1. Status: Closed - Implemented

    Comments: Congress passed comprehensive postal reform legislation in December 2006, which the President signed into law on December 20, 2006 (P.L. 109-435). This legislation addressed USPS's long-term financial obligations by returning the responsibility to the Department of Treasury for funding CSRS pension benefits related to the military service of postal retirees, repealing the escrow account requirement, establishing a Postal Service Retiree Health Benefit Fund and requiring the Postal Service to make annual payments into the new Retiree Health Benefit Fund.

    Matter: To ensure continuing progress in addressing the Service's financial challenges, Congress may wish to consider repealing the escrow requirement after receiving an acceptable plan from the Service describing how it intends to rationalize its infrastructure and workforce and is confident that the Service is making satisfactory progress on transforming itself into a more efficient organization and implementing its transformation goals.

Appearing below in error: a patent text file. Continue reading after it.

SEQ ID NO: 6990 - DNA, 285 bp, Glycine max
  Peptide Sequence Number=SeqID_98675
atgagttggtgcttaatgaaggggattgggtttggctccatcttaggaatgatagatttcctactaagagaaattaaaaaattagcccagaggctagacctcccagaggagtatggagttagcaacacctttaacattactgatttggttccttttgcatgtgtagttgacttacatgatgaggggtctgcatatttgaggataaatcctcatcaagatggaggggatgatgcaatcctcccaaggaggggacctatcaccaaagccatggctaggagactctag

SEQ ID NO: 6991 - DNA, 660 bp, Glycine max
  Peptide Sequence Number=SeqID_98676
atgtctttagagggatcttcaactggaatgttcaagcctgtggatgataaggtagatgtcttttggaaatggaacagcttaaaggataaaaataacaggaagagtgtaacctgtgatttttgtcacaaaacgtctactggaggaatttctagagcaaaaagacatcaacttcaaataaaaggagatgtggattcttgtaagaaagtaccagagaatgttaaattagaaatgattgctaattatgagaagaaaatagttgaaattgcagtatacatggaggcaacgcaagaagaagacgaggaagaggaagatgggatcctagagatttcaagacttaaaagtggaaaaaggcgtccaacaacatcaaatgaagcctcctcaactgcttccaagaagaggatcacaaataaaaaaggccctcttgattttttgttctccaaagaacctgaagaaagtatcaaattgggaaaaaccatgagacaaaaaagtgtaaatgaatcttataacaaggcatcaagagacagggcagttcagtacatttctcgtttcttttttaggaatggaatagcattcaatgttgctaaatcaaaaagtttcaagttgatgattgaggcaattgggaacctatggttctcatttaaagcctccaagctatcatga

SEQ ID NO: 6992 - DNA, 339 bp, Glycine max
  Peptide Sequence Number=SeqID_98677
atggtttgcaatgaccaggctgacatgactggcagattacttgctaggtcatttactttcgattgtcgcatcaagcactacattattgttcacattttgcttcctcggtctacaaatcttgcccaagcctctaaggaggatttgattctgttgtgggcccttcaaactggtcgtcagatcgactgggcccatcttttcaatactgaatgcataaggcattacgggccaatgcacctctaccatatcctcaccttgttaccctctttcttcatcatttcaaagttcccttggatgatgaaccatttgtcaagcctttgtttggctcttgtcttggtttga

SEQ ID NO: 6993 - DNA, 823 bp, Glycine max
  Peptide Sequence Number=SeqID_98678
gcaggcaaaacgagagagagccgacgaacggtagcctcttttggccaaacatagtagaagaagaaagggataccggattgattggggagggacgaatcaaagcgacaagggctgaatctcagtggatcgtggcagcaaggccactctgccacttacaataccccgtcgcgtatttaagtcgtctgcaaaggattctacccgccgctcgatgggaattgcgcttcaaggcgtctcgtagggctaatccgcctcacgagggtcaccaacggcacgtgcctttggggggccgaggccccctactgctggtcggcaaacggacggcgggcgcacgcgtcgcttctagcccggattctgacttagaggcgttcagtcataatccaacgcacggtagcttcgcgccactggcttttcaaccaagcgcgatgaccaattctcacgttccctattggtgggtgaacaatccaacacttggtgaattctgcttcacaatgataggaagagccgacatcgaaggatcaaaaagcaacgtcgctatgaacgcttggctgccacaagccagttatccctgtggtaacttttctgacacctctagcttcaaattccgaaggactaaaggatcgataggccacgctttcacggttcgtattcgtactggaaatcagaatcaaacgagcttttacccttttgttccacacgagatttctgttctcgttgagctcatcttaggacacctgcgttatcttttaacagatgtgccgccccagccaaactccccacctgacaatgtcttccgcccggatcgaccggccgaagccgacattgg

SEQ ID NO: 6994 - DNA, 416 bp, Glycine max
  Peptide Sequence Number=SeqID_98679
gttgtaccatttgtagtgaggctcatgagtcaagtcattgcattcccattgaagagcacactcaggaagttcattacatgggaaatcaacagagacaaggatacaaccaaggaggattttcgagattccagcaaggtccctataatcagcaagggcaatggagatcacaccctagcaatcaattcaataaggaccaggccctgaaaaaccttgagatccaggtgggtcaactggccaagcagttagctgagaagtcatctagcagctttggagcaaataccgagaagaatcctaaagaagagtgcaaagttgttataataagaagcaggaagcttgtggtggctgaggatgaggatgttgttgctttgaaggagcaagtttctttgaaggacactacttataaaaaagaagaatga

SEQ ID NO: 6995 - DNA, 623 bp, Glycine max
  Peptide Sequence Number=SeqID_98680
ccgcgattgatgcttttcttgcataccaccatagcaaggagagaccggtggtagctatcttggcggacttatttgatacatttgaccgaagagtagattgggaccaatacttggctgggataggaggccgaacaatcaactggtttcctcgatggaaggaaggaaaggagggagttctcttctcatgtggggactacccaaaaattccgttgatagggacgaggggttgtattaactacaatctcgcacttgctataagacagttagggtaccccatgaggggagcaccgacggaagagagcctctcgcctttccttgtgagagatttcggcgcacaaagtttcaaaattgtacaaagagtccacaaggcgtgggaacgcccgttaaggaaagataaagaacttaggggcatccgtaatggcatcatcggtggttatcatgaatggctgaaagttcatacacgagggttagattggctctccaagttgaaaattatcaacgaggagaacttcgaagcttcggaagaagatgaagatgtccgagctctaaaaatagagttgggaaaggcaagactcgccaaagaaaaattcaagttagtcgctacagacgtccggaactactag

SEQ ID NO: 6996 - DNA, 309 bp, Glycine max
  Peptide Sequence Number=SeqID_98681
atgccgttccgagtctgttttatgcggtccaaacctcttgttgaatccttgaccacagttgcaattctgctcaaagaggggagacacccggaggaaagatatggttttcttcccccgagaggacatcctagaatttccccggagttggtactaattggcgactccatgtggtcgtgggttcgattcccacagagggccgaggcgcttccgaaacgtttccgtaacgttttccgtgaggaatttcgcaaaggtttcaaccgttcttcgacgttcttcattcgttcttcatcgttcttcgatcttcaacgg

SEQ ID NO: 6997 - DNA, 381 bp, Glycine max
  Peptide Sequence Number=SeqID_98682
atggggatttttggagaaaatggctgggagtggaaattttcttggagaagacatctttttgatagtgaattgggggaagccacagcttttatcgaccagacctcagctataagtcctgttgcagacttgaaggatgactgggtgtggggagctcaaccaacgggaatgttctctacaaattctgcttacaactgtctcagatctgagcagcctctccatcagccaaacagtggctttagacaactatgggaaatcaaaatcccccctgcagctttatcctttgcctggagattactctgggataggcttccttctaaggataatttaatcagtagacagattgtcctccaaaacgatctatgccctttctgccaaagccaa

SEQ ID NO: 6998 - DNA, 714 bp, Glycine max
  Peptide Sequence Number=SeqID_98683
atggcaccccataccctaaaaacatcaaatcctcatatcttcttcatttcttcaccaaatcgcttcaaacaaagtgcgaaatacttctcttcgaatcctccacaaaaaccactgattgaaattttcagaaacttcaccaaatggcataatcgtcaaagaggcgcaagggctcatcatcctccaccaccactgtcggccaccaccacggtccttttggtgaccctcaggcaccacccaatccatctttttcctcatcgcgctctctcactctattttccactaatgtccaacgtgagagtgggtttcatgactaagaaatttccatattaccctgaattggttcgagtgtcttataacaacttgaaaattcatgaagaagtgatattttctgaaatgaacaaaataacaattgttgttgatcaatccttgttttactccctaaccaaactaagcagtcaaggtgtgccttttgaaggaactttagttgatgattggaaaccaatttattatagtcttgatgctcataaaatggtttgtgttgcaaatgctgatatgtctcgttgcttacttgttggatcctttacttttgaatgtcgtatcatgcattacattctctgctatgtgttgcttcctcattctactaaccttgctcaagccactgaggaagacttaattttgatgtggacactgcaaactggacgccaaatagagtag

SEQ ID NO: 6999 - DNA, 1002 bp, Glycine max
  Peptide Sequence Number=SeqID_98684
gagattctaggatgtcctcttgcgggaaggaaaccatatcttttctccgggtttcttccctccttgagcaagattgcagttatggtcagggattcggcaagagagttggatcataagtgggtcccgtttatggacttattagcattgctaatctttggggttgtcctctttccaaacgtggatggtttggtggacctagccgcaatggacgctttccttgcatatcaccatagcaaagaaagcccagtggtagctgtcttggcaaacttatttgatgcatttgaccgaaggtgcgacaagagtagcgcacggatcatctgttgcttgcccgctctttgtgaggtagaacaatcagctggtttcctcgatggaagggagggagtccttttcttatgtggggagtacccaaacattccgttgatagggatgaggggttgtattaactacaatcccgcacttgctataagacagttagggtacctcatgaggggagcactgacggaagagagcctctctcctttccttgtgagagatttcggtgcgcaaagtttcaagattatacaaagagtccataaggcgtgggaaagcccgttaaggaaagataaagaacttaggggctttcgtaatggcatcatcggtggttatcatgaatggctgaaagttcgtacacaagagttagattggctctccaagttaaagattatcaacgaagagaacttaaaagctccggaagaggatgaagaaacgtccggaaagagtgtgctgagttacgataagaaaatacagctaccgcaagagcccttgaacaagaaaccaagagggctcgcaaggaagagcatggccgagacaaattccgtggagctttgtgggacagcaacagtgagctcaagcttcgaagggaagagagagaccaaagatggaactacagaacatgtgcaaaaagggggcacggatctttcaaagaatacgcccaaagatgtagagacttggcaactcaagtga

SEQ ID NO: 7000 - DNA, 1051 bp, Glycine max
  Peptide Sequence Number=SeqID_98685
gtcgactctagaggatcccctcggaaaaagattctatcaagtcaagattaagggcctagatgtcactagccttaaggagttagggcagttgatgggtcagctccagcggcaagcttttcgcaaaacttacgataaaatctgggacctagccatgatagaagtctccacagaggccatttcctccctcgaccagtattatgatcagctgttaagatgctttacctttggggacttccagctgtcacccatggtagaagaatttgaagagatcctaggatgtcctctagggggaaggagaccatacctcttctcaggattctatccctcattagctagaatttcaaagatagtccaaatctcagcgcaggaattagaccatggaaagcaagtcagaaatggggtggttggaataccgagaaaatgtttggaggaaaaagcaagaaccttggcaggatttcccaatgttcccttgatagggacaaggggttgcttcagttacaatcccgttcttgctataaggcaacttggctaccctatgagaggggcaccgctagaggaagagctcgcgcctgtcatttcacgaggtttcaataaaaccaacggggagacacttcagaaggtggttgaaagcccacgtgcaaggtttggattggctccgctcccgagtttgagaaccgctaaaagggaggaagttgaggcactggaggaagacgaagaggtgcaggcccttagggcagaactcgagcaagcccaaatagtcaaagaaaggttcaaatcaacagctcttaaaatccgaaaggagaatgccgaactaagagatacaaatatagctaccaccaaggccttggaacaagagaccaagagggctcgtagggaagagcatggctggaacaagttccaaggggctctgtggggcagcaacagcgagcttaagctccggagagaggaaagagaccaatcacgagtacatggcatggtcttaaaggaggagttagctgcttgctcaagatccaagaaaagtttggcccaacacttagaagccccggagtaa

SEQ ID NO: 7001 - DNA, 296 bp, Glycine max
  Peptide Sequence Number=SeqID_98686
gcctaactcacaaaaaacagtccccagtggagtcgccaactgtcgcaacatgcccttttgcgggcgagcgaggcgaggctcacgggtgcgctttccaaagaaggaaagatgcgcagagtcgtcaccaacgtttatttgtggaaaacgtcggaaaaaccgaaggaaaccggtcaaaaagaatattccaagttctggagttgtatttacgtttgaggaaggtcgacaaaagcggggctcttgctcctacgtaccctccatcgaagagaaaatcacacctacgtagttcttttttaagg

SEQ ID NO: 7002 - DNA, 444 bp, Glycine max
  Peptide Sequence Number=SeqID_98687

2. Status: Closed - Implemented

    Comments: Congress passed comprehensive postal reform legislation in December 2006, which the President signed into law on December 20, 2006 (P.L. 109-435). This legislation addressed USPS's long-term financial obligations by returning the responsibility to the Department of Treasury for funding CSRS pension benefits related to the military service of postal retirees, repealing the escrow account requirement, establishing a Postal Service Retiree Health Benefit Fund, and requiring the Postal Service to make annual payments into the new Retiree Health Benefit Fund.